Five-Phase Approach to Improve Design of Printed Transit Information and to Monitor Impact on Customer Satisfaction
planning - signage/information, planning - marketing/promotion, economics - operating costs, place - north america, mode - bus
redesign of printed information, customer satisfaction, marketing campaign, positive ridership effect
Transfort, the transit service provider in Fort Collins, Colorado, conducted a major design overhaul of its printed information materials (system maps, route maps, and schedules) to achieve the following objectives: (a) increase user comprehension of printed materials, (b) increase ridership, and (c) reduce printing costs while adding four additional routes to the schedule book. To achieve those objectives, a five-phase process was developed to allow the redesign task to be informed by research literature, transit staff opinions, and the views of service users. The new designs were implemented incrementally between July 2007 and August 2008 and were accompanied by a marketing campaign that informed and explained the upcoming changes. Ongoing project monitoring efforts indicated high levels of customer satisfaction with the revised materials and their new features and significant cost savings of 26%, as well as some evidence of a positive ridership effect. These outcomes provide an endorsement of the five-phase approach developed by Transfort and suggest that it may be useful to other transit agencies considering a major revision of their printed information materials.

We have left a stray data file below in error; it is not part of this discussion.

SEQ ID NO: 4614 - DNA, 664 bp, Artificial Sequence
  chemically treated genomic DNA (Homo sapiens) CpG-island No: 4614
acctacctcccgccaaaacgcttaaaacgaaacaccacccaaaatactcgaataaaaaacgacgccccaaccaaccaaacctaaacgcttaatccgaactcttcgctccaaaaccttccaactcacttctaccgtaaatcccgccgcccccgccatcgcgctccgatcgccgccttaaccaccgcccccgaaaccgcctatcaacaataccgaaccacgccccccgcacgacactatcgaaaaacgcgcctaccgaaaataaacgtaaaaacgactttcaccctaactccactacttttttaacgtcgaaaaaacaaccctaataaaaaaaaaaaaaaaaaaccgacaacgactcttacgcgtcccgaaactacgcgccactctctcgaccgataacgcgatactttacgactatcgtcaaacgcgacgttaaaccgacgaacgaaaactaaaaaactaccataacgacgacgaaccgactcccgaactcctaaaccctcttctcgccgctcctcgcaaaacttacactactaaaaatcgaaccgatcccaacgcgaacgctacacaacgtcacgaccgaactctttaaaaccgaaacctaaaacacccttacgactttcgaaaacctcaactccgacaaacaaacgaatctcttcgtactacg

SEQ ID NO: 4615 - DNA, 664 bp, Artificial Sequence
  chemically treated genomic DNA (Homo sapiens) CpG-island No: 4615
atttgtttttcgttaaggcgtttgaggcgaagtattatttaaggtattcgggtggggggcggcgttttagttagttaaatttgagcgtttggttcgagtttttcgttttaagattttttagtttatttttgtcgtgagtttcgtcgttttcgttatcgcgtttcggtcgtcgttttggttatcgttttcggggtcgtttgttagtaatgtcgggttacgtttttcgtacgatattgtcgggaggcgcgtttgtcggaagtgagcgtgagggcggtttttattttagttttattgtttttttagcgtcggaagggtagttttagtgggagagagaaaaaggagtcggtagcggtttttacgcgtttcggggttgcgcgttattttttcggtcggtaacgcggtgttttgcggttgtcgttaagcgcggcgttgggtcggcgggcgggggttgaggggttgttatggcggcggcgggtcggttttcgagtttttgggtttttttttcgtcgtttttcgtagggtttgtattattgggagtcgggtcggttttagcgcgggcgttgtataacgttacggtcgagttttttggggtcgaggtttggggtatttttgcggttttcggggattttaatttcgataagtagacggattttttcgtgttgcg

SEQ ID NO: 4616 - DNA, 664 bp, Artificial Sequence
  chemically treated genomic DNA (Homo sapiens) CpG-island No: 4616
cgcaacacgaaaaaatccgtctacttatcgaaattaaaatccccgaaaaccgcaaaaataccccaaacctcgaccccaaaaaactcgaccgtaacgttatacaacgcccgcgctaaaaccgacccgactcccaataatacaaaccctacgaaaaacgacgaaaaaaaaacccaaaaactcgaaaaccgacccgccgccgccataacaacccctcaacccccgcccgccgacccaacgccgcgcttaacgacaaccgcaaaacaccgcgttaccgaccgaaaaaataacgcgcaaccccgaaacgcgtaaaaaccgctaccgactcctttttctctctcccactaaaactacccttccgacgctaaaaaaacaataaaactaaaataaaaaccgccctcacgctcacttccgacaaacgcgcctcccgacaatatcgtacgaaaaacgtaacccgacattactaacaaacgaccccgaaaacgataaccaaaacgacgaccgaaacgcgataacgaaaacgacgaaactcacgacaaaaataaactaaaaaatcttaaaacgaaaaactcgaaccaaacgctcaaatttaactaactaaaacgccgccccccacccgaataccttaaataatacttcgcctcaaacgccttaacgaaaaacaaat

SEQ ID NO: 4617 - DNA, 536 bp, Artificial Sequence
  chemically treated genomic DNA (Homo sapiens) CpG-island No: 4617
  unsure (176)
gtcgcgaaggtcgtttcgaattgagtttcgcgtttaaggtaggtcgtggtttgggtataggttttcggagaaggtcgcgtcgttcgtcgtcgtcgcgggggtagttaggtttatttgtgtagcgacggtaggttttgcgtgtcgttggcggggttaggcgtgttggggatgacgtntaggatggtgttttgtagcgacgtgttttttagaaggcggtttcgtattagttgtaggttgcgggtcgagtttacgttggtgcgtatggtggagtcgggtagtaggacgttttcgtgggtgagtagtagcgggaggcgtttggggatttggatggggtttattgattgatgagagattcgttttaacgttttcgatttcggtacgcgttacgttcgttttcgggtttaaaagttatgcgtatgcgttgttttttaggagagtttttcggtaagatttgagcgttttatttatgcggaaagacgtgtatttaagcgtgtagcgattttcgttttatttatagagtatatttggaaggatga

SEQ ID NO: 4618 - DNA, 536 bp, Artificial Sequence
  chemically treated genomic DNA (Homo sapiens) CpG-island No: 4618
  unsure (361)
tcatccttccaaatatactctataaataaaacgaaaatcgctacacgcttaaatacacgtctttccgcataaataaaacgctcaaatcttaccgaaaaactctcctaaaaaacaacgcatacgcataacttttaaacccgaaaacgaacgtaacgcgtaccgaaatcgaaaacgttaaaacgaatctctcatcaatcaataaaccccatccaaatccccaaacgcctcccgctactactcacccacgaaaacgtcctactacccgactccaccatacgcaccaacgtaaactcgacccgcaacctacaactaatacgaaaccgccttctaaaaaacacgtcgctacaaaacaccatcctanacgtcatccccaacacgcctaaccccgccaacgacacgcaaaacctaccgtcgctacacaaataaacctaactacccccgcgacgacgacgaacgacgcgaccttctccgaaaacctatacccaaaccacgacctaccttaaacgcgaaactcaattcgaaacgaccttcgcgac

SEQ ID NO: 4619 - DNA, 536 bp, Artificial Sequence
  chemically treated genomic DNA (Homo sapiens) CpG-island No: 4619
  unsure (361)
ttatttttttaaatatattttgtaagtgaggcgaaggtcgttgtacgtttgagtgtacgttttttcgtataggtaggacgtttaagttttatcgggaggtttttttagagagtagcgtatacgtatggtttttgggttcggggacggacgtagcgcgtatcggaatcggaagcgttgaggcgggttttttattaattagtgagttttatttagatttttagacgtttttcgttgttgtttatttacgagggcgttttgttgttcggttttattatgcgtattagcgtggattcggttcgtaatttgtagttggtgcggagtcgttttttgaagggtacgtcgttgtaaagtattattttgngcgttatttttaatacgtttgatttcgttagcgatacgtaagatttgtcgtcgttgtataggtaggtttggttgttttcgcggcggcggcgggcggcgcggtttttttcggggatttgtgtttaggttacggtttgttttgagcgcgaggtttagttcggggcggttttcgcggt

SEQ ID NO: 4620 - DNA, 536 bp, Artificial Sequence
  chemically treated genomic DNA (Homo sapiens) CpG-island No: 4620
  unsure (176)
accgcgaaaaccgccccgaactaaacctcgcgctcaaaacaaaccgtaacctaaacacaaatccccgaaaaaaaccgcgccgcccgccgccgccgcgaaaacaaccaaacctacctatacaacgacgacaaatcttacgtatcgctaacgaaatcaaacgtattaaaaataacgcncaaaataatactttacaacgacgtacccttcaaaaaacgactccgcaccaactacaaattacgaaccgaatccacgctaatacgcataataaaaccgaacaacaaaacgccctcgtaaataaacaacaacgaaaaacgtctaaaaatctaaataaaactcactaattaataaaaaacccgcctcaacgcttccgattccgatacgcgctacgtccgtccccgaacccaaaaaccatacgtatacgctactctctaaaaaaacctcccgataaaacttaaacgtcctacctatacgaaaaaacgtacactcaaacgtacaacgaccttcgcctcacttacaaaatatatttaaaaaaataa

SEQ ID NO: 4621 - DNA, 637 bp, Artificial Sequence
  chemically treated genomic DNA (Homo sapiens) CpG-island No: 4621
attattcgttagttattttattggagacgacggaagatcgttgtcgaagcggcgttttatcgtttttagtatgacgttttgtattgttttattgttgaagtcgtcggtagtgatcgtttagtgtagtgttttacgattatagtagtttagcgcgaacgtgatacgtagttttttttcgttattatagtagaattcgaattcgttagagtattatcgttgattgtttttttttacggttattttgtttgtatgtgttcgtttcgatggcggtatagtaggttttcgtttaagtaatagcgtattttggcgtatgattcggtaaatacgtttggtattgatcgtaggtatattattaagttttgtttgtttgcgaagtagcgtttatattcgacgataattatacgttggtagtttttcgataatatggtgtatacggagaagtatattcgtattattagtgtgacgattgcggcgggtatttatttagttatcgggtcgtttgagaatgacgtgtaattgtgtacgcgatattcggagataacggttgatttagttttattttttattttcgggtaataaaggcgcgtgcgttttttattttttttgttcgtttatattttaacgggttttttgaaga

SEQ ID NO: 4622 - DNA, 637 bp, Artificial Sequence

Permission to publish abstract has been given by TRB, copyright remains with them.
Cain, A., & Lavelle, J. (2010). Five-Phase Approach to Improve Design of Printed Transit Information and to Monitor Impact on Customer Satisfaction. Transportation Research Record, Vol. 2144, Pp. 130-141.